Given this caveat on the potential of our having obtained one of these rare "collector's garnets" from an eBay dealer, we decided to investigate further rather than declare ourselves to be significantly financially enhanced by our serendipitous find.
When we placed the stone in our infamous Dixie Cup Immersion Cell, the true formation of the green color splotches because apparent as seen below. This is where it got interesting...
When we viewed the green color splotches through our Meiji Techno GEMT-4BFDF microscope it quickly became apparent that the colored areas were structures that are classified as "treacle" by Robert Webster (GEMS, 5th Edition page 201) that appear in the brown to orange hessonite garnet. And if one views the image below of one of these colored areas showing the "treacle" formation, the comparison quickly becomes obvious, as does the question of how does brownish orange hessonite garnet crystal structure get into a green tsavorite garnet crystal? Is it possible that a lightly colored hessonite garnet had been color infused to create a tsavorite garnet? Since they are both grossular, the infusion of a certain amount of chromium into a lightly colored hessonite garnet would turn the far less valuable hessonite into a far more valuable tsavorite with little potential for separation due to both being grossular garnets. Is that possible? Absolutely. But there was more...
After several years of research and litigation over the Tibet andesine issue, we have established guidelines regarding features of gemstones that have been color infused. One of these is surface etching of the gemstone during a treatment process. Below right you see an image taken in the ISG office in 2010 of the surface etching and fused quartz micro-crystals on a facet of a Tibet andesine that had been subjected to color enhancement by copper infusion. Below left is a very similar appearing feature in the surface of our Tsavorite garnet. By Raman we confirmed that the micro-crystals are quartz and are virtually identical in size and shape to those found on the Tibet andesine.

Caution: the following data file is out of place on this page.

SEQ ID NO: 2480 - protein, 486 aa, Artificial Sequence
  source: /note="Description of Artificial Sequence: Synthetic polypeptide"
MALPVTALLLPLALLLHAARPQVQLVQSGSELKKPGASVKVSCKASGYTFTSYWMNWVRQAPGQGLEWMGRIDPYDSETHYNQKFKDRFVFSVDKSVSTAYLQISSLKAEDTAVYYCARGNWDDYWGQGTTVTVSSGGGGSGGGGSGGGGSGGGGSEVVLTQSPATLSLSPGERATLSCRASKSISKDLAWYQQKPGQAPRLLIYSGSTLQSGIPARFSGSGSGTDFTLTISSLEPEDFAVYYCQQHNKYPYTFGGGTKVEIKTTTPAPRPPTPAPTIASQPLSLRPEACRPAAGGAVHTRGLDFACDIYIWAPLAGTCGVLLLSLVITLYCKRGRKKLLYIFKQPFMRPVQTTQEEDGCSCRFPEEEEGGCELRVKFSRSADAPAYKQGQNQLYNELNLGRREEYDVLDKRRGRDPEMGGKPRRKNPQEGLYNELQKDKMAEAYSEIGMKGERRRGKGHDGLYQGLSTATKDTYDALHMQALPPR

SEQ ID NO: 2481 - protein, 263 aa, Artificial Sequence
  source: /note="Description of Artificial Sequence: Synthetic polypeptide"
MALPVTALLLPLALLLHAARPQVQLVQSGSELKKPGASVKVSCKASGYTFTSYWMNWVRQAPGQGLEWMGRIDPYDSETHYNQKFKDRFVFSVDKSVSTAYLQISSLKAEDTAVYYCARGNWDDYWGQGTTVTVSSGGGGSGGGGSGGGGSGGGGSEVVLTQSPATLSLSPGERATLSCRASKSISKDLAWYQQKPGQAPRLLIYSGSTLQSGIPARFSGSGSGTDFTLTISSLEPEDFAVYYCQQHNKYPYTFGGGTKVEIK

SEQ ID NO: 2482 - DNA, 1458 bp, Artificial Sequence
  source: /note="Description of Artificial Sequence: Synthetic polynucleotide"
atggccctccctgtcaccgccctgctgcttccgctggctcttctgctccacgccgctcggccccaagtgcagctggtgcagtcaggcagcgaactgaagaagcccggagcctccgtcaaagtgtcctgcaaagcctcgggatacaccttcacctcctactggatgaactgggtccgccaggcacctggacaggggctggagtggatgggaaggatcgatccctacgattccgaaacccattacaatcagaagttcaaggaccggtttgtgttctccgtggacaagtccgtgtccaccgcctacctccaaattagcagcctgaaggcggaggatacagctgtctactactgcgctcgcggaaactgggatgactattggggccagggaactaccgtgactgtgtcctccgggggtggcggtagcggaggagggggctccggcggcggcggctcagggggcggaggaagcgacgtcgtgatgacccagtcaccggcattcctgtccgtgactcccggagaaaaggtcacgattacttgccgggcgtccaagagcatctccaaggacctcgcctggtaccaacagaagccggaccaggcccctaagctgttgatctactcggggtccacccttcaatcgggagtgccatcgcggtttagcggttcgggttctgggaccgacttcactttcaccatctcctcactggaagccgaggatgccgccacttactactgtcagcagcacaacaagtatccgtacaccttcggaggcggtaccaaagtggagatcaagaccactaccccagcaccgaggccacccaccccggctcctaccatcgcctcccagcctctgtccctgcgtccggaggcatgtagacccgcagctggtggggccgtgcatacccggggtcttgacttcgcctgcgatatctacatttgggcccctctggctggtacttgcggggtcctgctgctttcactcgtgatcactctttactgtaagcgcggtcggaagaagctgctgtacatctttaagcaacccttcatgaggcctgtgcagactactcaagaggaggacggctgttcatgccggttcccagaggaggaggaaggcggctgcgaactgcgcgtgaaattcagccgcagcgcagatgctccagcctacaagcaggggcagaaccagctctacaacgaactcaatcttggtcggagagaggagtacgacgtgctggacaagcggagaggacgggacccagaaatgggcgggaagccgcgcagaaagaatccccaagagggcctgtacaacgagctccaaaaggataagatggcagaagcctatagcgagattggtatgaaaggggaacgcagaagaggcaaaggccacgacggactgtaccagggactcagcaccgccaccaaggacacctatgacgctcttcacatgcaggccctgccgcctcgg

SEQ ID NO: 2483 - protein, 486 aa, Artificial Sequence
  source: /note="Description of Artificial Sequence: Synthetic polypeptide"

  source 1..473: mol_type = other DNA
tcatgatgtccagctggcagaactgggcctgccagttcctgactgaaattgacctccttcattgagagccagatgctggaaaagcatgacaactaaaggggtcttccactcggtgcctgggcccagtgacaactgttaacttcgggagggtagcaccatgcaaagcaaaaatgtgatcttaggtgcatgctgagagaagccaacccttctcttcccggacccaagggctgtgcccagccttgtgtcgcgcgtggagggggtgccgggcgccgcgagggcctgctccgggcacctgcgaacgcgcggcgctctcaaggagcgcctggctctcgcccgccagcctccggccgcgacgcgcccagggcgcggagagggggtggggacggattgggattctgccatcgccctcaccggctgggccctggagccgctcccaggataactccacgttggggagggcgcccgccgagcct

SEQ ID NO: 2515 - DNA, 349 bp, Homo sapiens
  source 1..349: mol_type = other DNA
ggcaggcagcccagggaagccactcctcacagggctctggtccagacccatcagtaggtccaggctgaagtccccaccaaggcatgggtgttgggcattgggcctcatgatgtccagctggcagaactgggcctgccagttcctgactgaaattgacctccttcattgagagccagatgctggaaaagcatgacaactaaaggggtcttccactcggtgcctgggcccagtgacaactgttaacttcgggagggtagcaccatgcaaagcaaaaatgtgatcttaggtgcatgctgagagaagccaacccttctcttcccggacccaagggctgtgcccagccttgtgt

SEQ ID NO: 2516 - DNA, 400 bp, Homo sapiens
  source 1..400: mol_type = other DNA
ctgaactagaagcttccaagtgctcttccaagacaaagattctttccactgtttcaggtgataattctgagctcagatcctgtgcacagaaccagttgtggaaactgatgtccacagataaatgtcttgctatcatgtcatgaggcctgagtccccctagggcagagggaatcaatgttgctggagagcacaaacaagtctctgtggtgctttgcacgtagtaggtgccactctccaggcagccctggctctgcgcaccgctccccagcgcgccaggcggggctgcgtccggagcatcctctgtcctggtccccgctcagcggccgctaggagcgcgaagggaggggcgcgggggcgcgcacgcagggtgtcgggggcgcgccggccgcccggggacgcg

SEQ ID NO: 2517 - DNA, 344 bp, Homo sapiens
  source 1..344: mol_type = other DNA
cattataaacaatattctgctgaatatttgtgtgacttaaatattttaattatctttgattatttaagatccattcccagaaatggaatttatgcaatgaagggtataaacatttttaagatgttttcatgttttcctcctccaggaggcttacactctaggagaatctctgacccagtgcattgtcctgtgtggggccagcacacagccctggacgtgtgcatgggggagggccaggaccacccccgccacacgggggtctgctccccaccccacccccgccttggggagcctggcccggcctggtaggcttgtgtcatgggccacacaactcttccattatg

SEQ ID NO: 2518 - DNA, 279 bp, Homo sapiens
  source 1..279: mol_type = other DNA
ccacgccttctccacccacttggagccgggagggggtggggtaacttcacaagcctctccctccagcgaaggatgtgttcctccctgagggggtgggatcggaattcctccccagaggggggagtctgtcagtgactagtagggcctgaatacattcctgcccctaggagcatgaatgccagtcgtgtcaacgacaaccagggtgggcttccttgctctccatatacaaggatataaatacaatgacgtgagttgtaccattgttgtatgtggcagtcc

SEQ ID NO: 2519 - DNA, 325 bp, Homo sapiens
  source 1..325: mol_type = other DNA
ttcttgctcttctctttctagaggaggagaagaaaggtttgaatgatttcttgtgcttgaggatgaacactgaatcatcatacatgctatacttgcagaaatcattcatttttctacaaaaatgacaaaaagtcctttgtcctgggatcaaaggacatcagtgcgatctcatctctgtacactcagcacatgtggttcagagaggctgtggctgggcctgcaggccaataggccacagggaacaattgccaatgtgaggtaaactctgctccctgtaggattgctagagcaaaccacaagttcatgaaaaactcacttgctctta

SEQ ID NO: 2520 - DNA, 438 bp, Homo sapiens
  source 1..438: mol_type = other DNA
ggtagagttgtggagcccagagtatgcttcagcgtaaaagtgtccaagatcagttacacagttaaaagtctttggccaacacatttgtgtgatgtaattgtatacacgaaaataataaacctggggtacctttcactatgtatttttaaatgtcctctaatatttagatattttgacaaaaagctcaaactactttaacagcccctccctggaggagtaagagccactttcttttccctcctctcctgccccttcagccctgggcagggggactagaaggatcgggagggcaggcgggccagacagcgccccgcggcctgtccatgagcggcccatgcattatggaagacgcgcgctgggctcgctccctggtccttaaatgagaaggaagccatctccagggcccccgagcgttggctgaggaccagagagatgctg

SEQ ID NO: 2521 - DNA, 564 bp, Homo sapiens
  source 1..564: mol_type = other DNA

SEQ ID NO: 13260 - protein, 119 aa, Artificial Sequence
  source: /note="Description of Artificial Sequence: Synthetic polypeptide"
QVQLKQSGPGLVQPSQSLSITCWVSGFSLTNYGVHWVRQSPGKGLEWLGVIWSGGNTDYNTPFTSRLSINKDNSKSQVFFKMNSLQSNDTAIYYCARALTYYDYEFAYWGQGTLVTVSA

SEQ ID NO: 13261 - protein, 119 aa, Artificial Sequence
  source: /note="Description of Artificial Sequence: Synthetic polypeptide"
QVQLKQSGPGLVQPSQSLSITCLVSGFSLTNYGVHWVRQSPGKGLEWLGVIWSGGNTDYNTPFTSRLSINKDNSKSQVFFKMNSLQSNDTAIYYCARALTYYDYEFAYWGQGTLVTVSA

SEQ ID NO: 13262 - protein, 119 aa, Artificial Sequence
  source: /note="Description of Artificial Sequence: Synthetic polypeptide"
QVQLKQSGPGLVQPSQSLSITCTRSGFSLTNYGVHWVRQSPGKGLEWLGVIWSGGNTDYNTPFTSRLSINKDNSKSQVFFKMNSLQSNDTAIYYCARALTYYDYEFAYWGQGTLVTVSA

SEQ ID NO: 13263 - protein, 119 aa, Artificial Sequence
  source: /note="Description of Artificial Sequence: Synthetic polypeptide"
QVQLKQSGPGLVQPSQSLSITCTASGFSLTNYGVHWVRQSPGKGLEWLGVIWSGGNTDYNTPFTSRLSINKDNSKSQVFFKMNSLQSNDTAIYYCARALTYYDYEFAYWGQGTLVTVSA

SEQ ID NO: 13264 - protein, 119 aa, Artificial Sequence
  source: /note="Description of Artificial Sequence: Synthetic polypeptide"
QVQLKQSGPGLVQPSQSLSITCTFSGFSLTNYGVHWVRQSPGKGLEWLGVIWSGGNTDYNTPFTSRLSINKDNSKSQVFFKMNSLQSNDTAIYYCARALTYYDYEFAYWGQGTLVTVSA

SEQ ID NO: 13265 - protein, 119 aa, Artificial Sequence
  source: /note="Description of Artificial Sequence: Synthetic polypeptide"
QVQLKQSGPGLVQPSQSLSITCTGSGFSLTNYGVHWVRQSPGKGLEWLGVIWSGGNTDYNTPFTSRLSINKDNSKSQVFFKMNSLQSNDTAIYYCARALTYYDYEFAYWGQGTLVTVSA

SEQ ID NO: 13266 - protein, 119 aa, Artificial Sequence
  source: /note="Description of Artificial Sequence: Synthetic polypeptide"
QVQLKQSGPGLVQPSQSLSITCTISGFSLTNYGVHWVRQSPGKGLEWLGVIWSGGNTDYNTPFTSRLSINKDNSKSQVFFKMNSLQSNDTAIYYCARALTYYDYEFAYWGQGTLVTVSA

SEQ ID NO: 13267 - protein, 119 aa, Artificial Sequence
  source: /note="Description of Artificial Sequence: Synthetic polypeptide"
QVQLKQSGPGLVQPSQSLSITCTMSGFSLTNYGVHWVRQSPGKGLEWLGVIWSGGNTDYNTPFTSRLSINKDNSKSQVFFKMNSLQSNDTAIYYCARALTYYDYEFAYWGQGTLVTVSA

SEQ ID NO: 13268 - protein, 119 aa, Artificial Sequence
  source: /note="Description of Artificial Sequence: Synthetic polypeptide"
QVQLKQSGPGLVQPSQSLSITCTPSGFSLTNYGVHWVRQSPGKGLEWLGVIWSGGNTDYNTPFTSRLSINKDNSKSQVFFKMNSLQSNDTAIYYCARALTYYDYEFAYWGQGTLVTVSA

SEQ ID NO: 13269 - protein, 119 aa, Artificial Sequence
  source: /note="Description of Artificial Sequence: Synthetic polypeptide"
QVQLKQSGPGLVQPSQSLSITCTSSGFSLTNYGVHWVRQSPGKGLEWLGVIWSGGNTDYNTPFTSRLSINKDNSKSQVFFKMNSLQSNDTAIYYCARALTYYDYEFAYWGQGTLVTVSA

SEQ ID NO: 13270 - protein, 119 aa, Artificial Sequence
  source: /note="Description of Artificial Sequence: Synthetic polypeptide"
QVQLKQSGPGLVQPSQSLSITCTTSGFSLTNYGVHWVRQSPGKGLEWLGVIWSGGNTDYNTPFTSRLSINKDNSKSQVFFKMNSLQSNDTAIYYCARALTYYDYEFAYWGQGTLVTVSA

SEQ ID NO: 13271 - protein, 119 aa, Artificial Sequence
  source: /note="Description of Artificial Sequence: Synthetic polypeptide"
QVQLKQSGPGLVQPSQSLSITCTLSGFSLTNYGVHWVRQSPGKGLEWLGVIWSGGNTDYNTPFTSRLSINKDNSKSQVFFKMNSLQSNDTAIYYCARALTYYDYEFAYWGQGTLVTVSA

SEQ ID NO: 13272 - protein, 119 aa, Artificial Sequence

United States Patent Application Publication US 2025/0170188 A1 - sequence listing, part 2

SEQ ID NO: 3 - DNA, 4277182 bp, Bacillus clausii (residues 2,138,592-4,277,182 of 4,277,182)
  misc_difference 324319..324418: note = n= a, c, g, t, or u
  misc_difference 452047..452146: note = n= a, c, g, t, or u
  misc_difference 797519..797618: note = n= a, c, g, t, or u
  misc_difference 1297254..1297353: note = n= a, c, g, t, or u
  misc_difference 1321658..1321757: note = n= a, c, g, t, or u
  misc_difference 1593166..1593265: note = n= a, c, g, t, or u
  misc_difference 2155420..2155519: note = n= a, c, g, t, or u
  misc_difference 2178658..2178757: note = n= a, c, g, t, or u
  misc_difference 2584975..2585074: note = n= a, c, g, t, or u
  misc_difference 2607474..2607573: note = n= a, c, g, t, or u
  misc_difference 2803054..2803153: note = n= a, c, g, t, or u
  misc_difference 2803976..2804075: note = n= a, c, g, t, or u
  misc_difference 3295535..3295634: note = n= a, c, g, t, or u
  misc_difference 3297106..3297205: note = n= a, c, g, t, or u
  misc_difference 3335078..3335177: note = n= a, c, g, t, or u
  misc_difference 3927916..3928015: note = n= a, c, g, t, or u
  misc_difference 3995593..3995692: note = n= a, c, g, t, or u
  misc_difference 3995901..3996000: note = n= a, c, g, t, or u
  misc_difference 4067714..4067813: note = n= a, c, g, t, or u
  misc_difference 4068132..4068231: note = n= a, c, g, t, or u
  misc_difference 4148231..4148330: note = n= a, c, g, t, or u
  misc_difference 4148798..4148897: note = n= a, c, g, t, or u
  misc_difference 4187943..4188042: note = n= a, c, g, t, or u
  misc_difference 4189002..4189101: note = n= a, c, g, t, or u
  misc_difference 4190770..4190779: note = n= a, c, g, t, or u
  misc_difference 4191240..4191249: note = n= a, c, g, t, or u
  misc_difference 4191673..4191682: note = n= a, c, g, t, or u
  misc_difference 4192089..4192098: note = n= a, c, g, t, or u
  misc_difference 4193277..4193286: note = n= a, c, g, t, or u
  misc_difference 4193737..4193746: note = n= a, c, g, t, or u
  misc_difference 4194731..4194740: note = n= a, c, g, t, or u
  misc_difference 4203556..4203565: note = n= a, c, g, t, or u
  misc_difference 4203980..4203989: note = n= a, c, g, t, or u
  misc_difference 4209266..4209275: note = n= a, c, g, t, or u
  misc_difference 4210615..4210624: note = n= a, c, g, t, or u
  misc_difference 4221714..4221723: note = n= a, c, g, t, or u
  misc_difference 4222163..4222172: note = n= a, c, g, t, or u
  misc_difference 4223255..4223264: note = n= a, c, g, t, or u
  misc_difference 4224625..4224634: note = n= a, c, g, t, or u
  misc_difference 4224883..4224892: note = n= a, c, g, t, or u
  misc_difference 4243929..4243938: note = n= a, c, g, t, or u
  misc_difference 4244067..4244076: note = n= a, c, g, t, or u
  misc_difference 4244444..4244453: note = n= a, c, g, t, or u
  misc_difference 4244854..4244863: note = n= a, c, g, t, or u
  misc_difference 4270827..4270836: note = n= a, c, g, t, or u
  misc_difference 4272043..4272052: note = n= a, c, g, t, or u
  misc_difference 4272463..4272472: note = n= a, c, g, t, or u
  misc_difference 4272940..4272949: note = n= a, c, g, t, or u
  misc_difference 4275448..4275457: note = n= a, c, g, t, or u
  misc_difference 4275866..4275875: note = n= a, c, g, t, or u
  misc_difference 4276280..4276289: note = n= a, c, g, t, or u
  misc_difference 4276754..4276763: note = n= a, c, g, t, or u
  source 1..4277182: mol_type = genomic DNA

Perhaps more important is what appears to be some type of residual flux that is common to both our Tsavorite garnet and the Tibet andesine. As seen below, the residual material of this type was first seen as residual flux in Themelis' book on the subject, and we found it in our Tibet andesine study as seen below right, and now we found it again in our new Tsavorite garnet as seen below left. By Raman the material is virtually identical, although we do not know the exact identification without advanced testing.

Conclusion: There are a number of issues that prevent a diagnostic conclusion on this one.